It all started with a simple question.
Carr Everbach, chair of the engineering department, had been getting to know Joshua Lorber, an artist’s model with disabilities who longed for a way to get in touch with his family.
“When you want to talk to your dad,” Everbach asked, “what do you do?”
“I say ‘Dad,’” Joshua replied. “‘Call Dad.’”
So began a three-year process to develop a hands-free system with which Lorber could connect to his family with a single word. A student-led Swarthmore engineering team — later joined by a surprise member — intertwined the technical and the personal to make Joshua’s hope a reality.
“The ultimate satisfaction for an engineer is to get something to work and to get it into the hands of someone it can help,” says Everbach. “That’s our purpose, and it’s a great satisfaction to see that.”
“I can’t tell you how comforting it’s been to know I can be out of the house and if Joshua needs me, he can call, and I can see how he’s doing,” says Lorber. “It’s been great. A brilliant thing.”
This story traces back 30 years. When he was 12, Joshua inexplicably started suffering from blindness, numbness in his hands, and short-term memory loss. Today, Joshua can’t use his hands to grip or squeeze things, and his family had worried for his safety when he was alone in their Cheltenham, Pa., home. They tested voice-activated technologies like Siri and Alexa, but none quite fit.
Then Lorber had the idea that customizing a system could be an interesting summer project for Swarthmore’s engineering students. That piqued Everbach’s interest.
The goal: a hands-free system with which Joshua could contact his mom, dad, or brother by name. The family member would get a text and call Joshua back on a special line connected to the home wifi, and their voice “would just magically appear in the room,” says Everbach.
Achieving that, though, was arduous — “a process of continual refinement of the design,” he says. The team’s Raspberry Pi computer was hacked, and the system hardware failed the first time they tried installing it, says Jerry Gu ’19, an engineering student from Ellicott City, Md., who joined the project unsure of his technical prowess, but who ultimately developed the first circuit to work after several attempts by students over the years.
“There were definitely weeks where I felt I wasn’t making the type of progress I wanted to,” adds Jasmine Charles ’20, of Princeton, N.J.
But there were also moments of fortuitousness. Pierce Forte, now a senior at Blair Academy in Chester, N.J., emailed Everbach to express interest in an engineering project and became a critical component of the team. He wrote the base code for the system and solved the quandary over how to sync it to the microphone.
“He really got the project going,” says Everbach. “It’s an example of how the more perspectives you have, the more people contributing in different ways, the more likely you are to succeed.”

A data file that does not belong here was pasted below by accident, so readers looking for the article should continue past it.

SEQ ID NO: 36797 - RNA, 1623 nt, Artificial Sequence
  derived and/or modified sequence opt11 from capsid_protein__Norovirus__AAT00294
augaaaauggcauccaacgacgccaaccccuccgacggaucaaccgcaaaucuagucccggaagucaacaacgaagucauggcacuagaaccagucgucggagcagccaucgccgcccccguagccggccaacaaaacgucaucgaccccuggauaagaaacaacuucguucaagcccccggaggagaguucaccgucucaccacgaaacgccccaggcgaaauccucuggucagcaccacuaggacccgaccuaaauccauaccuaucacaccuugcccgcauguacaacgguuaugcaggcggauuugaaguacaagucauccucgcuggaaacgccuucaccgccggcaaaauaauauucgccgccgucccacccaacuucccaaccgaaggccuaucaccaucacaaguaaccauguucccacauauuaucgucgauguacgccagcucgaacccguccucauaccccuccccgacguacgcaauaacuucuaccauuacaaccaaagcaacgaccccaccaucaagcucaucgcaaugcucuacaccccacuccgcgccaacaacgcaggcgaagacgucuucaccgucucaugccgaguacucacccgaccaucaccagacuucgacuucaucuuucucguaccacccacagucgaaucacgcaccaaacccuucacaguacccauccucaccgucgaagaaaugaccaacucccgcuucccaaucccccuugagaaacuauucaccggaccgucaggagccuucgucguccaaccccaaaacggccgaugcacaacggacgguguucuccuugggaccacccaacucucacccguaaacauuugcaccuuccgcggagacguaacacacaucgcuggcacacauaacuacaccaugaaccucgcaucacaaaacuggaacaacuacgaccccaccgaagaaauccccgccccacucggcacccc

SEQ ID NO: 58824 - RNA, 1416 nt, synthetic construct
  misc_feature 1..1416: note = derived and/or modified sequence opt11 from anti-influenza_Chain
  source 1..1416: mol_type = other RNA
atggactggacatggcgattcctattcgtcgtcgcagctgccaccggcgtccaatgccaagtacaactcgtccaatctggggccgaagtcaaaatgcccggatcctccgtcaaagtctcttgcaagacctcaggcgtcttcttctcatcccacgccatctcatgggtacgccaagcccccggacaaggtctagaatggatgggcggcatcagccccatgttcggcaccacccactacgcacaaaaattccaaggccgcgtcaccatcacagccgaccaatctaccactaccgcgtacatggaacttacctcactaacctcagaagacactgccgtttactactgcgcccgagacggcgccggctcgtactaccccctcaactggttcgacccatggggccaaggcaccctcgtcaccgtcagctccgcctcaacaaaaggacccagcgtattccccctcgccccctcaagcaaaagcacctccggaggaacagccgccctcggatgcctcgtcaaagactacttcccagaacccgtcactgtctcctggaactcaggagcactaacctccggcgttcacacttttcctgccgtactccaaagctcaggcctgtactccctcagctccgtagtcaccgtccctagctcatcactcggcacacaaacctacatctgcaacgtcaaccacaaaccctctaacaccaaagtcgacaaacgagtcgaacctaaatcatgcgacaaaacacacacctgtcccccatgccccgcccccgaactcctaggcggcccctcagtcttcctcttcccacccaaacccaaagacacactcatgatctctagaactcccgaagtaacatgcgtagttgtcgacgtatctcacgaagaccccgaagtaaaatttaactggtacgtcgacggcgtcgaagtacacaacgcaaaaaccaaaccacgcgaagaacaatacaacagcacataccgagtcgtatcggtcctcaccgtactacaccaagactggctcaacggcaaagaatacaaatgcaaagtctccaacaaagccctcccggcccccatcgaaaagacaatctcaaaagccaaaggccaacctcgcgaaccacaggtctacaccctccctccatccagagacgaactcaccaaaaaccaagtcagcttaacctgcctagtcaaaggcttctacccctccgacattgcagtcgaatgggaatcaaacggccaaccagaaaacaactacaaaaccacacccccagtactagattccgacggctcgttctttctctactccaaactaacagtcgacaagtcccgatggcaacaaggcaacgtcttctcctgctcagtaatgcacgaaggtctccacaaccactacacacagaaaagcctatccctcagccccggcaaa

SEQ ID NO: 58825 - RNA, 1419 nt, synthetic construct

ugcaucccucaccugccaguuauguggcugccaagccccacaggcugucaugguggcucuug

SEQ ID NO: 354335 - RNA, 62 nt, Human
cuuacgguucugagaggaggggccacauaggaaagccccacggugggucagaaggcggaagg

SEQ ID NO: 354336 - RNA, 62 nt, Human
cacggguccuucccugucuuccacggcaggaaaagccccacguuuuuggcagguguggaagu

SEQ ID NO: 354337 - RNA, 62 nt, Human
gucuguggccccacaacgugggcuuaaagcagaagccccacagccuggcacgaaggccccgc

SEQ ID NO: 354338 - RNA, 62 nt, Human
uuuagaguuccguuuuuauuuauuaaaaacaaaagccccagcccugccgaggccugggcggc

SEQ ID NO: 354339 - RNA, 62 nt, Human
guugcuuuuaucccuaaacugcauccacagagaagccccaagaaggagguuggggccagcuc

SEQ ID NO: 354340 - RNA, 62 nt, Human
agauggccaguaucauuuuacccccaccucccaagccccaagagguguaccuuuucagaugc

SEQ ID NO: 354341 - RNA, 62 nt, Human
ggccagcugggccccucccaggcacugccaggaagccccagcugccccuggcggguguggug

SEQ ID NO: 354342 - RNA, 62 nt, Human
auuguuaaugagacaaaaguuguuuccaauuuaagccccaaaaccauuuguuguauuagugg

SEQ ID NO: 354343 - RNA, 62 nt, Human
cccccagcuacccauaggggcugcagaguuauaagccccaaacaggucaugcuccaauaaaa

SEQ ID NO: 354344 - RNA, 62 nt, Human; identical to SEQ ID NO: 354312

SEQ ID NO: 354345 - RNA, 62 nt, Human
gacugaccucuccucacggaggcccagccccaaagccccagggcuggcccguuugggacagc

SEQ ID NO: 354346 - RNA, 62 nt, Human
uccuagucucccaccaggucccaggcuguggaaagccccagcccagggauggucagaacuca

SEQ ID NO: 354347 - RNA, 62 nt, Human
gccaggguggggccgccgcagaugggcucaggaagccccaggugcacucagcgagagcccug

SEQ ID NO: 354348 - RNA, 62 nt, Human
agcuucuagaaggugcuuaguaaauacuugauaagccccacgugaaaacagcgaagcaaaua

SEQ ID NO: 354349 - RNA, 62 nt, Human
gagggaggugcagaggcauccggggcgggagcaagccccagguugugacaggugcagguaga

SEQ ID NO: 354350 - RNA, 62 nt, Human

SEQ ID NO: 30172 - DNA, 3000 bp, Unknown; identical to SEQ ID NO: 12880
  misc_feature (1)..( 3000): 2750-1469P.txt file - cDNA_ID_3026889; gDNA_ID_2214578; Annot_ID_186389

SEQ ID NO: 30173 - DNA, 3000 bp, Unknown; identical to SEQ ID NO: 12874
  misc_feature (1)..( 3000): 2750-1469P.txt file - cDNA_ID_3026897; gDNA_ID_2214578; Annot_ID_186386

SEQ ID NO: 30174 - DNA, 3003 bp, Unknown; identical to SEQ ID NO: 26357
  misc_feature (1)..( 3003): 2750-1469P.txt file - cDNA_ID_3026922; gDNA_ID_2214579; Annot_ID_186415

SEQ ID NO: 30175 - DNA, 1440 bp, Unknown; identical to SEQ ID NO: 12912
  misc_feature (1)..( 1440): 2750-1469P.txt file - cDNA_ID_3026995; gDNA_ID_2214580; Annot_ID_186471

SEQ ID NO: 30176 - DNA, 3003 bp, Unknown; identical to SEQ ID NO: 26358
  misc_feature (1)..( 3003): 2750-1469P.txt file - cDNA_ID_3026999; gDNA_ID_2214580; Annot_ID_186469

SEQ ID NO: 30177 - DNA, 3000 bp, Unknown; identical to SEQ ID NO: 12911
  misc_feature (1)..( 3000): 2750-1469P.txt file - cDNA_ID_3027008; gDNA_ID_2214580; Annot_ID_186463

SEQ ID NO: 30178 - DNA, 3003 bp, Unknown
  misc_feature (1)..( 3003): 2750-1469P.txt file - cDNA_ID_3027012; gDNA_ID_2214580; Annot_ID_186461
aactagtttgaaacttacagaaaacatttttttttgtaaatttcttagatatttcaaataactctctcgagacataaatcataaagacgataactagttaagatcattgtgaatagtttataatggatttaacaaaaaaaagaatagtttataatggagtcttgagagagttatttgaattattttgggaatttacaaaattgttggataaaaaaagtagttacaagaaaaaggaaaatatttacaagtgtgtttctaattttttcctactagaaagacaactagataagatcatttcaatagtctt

Kira Emmons ’20, a computer science and engineering major from Fairfax, Va., helped put the finishing touches on the voice recognition system, known as Snowboy. She viewed the project as an opportunity to build on her classwork while making a difference.
“As students we go into summer research just hoping we can gain new skills,” she says. “But it’s extra nice to be able to turn out a finished product that someone can actually use.”
Despite the hiccups, fits, and starts, the students remained confident that their hard work would pay off. Their reward came when they went to the Lorbers’ home to install it last spring.
“I’ll never forget how excited Joshua was,” remembers Gu. “He laughed when we played back his voice, and when we finally got the system to work, he gave me this tremendous hug.”
“Working with the students and [Everbach] was a great experience for Joshua,” adds Lorber. “They really stuck with this, always excited and animated about the project and just wonderful with Joshua.”
The system sits on a shelf outside Joshua’s room, in a small cardboard box filled with electronic equipment. It connects to the microphone and a wire reaching to a device in the ceiling. There’s still the occasional glitch, Lorber says, but the system is working well, offering invaluable peace of mind.
“It’s great for Joshua to be able to reach me when he wants to talk, and vice versa, which is now more important than ever,” Lorber says, with the recent loss of his wife, Carol Finneburgh Lorber '63.
For Everbach, this was a project in which students gained hands-on experience while providing a service to the community.
“There’s a happy customer, and we all get to feel good about what we accomplished,” he says.
But he also takes a longer view. What if there was a wearable version of the system that Joshua could use outside the house? What if the team could become a developer for Amazon’s Alexa technology, providing them with programming tools “to allow us to go under the hood” and tailor it to individual clients?
“This could be useful for a much wider range of people, whether it’s people with dementia or those with particular disabilities,” Everbach says. “I don’t know that this story ends with Joshua.”